Instead, what we got was playing Han to Thrall's Luke... - Chase HasbrouckThis is no small accusation, but when I stopped to think about it I realized how true it is of Blizzard's writing. The Player characters at best are "there" and at worst are unmentioned. The following is a spoiler-y list of how Blizzard games/expansions have treated the players. You have been warned!
Thar be Spoilers beyond this point! Arrr...
So lets go in reverse chronological order starting with...
Diablo 3 - The player does all the work, the player kills Diablo...the ending cutscene makes almost no mention of the player and focuses only on Tyrael.
Cataclysm - The Players do most of the work, but like Chase said they are just exposing the shot for Thrall and the Aspects....TWICE.
Starcraft 2 - I have not played it, but this story has no player "stand in" to ignore that I know of.
Wrath of the Lich King - Tyrion Fordring gets the last shot at Arthas, he basically gets the credit and has a statue made of him.
The Burning Crusade - Maiev gets the killing blow against Illidan, and the ending sequence in Sunwell is mainly about the NPC's. The heroes get a "Thanks btw!" from Valen.
WoW - Arguably the "last boss" was Kel'Thuzad which the players do actually kill! But the game makes hardly any recognition. However I should note that well after the fact it was decided that the canon result to the Missing Diplomat is that Varian kills Onyxia...he's his own self-rescuing princess (and I have no problem with these to some degree...but it basically invalidates the quest the players completed).
Hopefully this illuminates my issue but I'll put it into other words; you, the player, do not matter, you are watching a story about Blizzard's characters and just happen to be "around". I suppose this is not always the worst way to do something, but I think its outmoded and outdated. I think the reason it most offends is because the player is RIGHT THERE. I am not bothered by games like Uncharted or Gears of War or any of the thousands of other games where the player is stuck in the role of the hero and told a story. But in a Blizzard game, the player is not really the hero...we're at best a sidekick, and more often we're barely an honorable mention. In Diablo 3 Blizzard even when out of the way to give our character something of a backstory and motivation...but that doesn't matter, that's tossed aside at the end of the game.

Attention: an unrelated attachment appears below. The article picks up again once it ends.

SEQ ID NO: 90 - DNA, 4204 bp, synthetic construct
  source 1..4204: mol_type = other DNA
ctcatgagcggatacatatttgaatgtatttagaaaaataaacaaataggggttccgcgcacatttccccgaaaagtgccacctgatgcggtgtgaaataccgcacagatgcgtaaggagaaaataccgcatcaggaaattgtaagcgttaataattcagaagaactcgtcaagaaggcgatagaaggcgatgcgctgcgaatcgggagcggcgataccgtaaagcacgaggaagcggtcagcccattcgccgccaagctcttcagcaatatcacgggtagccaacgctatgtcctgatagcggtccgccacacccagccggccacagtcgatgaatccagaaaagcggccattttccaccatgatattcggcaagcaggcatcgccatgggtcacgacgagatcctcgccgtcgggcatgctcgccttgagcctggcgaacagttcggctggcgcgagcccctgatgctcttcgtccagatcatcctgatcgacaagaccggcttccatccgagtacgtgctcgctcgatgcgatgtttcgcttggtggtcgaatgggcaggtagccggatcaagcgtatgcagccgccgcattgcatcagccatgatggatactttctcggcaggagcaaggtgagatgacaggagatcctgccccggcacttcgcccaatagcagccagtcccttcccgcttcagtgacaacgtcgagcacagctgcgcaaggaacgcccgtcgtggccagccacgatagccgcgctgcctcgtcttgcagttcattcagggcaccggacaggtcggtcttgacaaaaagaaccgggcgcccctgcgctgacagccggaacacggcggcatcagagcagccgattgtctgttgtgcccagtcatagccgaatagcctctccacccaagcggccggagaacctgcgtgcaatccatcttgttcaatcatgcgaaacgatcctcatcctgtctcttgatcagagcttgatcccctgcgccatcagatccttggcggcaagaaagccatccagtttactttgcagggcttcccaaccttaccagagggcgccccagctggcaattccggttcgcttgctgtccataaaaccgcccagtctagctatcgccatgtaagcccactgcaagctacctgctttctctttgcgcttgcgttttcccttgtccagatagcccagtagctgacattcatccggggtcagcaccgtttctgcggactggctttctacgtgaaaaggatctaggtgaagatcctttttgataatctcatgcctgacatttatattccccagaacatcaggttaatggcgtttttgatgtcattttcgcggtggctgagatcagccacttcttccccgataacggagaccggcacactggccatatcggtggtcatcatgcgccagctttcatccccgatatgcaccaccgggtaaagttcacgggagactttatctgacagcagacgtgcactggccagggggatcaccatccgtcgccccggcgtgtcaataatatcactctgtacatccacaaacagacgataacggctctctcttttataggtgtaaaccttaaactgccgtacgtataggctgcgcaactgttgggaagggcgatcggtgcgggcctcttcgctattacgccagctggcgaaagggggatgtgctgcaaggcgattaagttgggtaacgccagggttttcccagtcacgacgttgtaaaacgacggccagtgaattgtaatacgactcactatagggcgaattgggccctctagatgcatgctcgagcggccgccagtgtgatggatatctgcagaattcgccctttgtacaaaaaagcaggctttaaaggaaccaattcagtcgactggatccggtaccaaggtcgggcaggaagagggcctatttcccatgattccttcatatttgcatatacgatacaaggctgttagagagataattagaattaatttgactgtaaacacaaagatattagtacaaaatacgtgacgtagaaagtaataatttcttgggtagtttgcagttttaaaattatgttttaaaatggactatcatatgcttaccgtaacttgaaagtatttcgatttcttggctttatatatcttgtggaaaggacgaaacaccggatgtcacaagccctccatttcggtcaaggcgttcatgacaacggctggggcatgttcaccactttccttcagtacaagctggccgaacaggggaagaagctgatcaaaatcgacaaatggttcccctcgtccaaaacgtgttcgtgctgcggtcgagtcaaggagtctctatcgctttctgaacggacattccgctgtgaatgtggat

Other games have tackled the "Faceless" player in other ways, but rarely by making them a bit part in the story. Even the Call of Duty series manages to give the player the important role and typically the credit. I certainly don't expect Blizzard to turn into Bioware and write Diablo for Shepard, but at the same time it feels like a hollow story when we're not only the facilitator but we're an audience member. I feel a bit like we're dealing with the fictional Baron Munchhausen; the NPC's are more or less helpless (have you seen how long it takes Tyrael to kill a Fallen?) and we're actually the only reason they survive....and yet they act like they did all the work all along.
I finished D3 as a Monk and my first "in character" thought was "Wait...you mean I killed Diablo, Belial and Azmoda... and TYRAEL...the guy who almost gave up, gets to be the angel of Wisdom? Where's my wings? Crown? MEDAL?" Which is sad because in D2 I loved Tyrael, I thought he was interesting as a character...and I did through most of D3 until about Act 4.
From an RP perspective in a game like WoW I understand that the player can't always be the one that took the Dragon's head or killed Arthas...but it would be nice if for once we could actually deal the killing blow and the credit would go to "A brave group of heroes" instead of everyone acting like some NPC did the work.
To come to a conclusion, my issue with Blizzard's writing is that they present it as a story in which the story is a major player, but then pull the rug out from under you and suddenly you mean nothing. It would be like Mass Effect ending with Joker showing up and single-handedly killing all the Reapers with Shepard being a footnote. If you are going to give me a major role, have the story ACT like I had a major role.